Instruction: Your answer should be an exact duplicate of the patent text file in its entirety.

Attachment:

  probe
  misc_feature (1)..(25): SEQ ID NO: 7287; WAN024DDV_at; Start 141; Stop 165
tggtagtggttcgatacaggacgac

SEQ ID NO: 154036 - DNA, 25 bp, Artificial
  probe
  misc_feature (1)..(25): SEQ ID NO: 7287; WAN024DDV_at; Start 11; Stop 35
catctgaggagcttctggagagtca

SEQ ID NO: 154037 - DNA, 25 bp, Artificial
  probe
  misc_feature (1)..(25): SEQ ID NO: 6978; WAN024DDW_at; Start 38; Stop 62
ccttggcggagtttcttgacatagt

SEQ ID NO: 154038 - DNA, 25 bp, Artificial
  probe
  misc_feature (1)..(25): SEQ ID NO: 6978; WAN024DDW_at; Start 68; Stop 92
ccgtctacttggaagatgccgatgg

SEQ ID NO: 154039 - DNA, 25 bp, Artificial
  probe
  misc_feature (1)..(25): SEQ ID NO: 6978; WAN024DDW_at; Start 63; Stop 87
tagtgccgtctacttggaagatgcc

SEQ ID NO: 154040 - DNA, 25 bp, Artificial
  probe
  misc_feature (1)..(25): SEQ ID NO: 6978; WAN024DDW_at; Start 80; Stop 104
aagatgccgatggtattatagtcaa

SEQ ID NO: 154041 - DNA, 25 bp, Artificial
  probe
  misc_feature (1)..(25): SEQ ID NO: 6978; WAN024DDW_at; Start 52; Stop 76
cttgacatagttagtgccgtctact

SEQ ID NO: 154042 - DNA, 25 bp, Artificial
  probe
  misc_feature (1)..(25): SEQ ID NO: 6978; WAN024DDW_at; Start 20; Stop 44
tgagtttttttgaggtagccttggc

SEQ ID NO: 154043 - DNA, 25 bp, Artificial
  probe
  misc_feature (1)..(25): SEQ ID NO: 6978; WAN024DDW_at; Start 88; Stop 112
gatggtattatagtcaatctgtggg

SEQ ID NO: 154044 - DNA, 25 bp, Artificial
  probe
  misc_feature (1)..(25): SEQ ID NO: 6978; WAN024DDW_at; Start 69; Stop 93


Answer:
  probe
  misc_feature (1)..(25): SEQ ID NO: 7287; WAN024DDV_at; Start 141; Stop 165
tggtagtggttcgatacaggacgac

SEQ ID NO: 154036 - DNA, 25 bp, Artificial
  probe
  misc_feature (1)..(25): SEQ ID NO: 7287; WAN024DDV_at; Start 11; Stop 35
catctgaggagcttctggagagtca

SEQ ID NO: 154037 - DNA, 25 bp, Artificial
  probe
  misc_feature (1)..(25): SEQ ID NO: 6978; WAN024DDW_at; Start 38; Stop 62
ccttggcggagtttcttgacatagt

SEQ ID NO: 154038 - DNA, 25 bp, Artificial
  probe
  misc_feature (1)..(25): SEQ ID NO: 6978; WAN024DDW_at; Start 68; Stop 92
ccgtctacttggaagatgccgatgg

SEQ ID NO: 154039 - DNA, 25 bp, Artificial
  probe
  misc_feature (1)..(25): SEQ ID NO: 6978; WAN024DDW_at; Start 63; Stop 87
tagtgccgtctacttggaagatgcc

SEQ ID NO: 154040 - DNA, 25 bp, Artificial
  probe
  misc_feature (1)..(25): SEQ ID NO: 6978; WAN024DDW_at; Start 80; Stop 104
aagatgccgatggtattatagtcaa

SEQ ID NO: 154041 - DNA, 25 bp, Artificial
  probe
  misc_feature (1)..(25): SEQ ID NO: 6978; WAN024DDW_at; Start 52; Stop 76
cttgacatagttagtgccgtctact

SEQ ID NO: 154042 - DNA, 25 bp, Artificial
  probe
  misc_feature (1)..(25): SEQ ID NO: 6978; WAN024DDW_at; Start 20; Stop 44
tgagtttttttgaggtagccttggc

SEQ ID NO: 154043 - DNA, 25 bp, Artificial
  probe
  misc_feature (1)..(25): SEQ ID NO: 6978; WAN024DDW_at; Start 88; Stop 112
gatggtattatagtcaatctgtggg

SEQ ID NO: 154044 - DNA, 25 bp, Artificial
  probe
  misc_feature (1)..(25): SEQ ID NO: 6978; WAN024DDW_at; Start 69; Stop 93